Suzanne Conlan Scruggs (1862-1945), community activist whose social vision helped
transform Memphis, was tireless in her pursuit of civic improvement; and her personal
efforts in a large number of humanitarian enterprises were unparalleled.
She came to Memphis from Boston in 1889 as the wife of Thomas M. Scruggs. The couple
prospered, Mr. Scruggs becoming a prominent attorney and later a judge, and their
family expanded with the arrival of six children, four of whom survived into adulthood.
In 1890, Scruggs, with several other prominent women, founded the Nineteenth Century
Club, which soon became one of the South's premier women's clubs. Club activities
soon turned into pursuit of civic projects, and these Memphis women began to carve
for themselves a public role and image. Scruggs, however, was far in advance of her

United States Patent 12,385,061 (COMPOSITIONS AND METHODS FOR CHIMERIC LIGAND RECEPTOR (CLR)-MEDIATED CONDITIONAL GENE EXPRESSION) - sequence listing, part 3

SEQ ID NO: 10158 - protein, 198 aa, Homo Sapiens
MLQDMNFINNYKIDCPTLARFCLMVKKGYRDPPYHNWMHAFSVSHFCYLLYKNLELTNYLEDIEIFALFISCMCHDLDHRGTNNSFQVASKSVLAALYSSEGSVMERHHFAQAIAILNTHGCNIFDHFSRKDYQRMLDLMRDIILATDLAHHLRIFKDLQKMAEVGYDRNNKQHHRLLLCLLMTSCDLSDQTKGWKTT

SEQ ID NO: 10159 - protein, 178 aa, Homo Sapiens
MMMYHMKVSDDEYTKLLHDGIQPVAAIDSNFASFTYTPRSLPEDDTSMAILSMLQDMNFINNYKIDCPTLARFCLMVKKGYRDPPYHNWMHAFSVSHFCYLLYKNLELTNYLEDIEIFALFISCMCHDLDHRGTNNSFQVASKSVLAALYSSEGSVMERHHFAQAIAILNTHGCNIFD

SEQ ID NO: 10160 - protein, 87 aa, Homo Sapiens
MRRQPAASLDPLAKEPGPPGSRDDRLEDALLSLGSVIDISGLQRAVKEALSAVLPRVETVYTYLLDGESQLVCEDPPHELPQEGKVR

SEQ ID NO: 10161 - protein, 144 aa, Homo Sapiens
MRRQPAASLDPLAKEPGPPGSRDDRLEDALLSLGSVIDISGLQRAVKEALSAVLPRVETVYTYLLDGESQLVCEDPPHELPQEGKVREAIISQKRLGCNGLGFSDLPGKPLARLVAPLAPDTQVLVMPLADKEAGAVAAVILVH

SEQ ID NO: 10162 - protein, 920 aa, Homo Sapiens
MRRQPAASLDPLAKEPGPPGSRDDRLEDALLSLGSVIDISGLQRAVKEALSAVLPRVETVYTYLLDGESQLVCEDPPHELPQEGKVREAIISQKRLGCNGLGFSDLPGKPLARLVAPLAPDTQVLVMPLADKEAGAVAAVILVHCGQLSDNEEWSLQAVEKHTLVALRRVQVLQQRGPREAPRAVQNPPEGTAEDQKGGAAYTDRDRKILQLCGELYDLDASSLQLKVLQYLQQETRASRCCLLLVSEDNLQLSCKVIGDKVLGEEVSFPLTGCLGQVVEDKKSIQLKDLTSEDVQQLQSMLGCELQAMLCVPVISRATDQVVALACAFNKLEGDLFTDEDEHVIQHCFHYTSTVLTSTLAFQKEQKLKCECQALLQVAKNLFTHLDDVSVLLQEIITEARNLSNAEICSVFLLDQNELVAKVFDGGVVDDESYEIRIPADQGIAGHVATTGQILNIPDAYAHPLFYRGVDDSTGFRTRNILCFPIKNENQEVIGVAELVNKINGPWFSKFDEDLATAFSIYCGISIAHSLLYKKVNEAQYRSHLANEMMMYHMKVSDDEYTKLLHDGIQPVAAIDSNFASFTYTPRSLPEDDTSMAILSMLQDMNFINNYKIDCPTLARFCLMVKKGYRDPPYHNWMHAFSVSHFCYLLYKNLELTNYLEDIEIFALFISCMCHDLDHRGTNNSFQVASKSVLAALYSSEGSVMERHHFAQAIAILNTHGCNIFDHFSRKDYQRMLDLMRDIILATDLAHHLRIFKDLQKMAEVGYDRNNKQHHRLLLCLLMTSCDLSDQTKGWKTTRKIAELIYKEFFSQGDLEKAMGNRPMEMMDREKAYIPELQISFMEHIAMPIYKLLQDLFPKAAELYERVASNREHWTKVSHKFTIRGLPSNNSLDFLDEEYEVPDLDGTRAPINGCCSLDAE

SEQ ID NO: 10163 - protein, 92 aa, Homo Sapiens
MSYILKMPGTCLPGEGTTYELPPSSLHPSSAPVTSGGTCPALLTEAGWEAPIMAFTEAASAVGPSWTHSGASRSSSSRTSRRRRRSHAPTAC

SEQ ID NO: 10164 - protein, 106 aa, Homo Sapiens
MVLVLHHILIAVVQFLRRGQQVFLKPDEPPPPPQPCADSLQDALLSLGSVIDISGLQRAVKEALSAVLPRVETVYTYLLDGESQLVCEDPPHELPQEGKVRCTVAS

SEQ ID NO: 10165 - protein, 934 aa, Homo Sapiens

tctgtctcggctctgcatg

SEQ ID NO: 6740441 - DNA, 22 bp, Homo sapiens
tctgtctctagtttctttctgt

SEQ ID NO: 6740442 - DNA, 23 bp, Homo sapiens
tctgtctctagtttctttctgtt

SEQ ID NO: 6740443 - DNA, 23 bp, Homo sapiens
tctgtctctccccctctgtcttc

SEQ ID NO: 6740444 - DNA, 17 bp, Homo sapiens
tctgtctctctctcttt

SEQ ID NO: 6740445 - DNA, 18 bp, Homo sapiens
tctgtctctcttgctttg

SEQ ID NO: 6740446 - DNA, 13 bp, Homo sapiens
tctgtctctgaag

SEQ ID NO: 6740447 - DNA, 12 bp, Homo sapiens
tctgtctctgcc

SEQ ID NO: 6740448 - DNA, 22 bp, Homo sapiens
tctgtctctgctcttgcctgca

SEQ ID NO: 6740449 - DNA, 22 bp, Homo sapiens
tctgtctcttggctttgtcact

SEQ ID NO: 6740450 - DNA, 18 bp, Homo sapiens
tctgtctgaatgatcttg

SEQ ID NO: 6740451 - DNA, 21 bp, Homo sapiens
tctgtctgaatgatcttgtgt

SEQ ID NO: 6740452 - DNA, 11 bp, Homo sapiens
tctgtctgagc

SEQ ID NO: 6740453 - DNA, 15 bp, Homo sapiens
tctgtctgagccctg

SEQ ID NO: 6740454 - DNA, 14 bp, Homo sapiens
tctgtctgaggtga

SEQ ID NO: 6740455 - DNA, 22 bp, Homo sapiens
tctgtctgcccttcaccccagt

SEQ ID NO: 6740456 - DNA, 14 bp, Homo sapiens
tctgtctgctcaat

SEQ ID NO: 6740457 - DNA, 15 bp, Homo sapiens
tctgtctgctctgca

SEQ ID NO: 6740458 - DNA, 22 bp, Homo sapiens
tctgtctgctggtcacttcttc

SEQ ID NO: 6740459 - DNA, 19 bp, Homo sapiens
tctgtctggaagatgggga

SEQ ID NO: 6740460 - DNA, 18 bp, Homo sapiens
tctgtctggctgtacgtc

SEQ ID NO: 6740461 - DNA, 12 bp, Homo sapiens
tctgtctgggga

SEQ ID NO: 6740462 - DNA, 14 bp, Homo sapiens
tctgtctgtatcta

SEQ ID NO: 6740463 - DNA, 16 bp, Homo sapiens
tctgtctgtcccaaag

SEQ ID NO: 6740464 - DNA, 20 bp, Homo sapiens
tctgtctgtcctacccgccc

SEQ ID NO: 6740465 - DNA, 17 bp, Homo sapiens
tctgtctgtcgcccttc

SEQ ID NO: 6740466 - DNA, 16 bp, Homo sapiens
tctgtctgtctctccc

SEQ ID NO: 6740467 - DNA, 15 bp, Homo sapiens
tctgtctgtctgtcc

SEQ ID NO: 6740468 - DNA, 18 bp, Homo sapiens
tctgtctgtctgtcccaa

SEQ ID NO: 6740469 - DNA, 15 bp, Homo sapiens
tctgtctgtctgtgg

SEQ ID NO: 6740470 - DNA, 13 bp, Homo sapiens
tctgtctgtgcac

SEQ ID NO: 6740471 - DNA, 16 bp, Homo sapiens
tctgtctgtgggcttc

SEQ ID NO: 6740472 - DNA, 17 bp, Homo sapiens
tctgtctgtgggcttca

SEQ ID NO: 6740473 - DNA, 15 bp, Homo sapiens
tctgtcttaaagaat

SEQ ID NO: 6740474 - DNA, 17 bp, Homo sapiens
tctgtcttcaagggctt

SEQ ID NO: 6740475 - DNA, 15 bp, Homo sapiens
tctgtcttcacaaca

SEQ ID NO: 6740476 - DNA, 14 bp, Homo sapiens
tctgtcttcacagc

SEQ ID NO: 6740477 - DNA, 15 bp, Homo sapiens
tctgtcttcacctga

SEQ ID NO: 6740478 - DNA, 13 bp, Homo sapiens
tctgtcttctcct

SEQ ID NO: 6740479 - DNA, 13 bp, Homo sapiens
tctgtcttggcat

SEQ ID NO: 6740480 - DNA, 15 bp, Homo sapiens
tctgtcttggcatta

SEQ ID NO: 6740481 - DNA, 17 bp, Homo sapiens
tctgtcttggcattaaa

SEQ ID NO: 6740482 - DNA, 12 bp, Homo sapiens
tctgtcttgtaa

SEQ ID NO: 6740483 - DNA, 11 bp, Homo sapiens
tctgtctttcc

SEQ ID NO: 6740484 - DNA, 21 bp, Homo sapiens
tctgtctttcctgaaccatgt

peers, and her personal activism was on the cutting edge of women's emergence into
the public sphere.
Scruggs launched the movement that led to citizen involvement in public education
with the formation of the Woman's Public School Association, culminating in the election
of two women to the Board of Education in 1916. It was also Scruggs who addressed
the serious and growing problem of juvenile delinquency in Memphis. Through her persistent
efforts, the Memphis Playground Association was formed in 1908, and she was also the
key figure in the establishment of a juvenile court in 1909. As an adjunct to the
latter, Scruggs organized a Children's Protective Union, of which she was president.
This organization assisted neglected and homeless children, placing them in foster
homes, arranging for adoptions, providing medical care and hospital treatment, and
helping families with temporary difficulties. Scruggs' group performed the functions
of today's social service and welfare agencies, calling attention to the need for
municipal responsibility in such areas.
Dr. Marsha Wedell
Image reproduced with permission of author and courtesy of University of Memphis Libraries,
Special Collections. Elite Women and the Reform Impluse in Memphis, 1875-1915, Marsha
Wedell, University of Tennessee Press, c. 1991.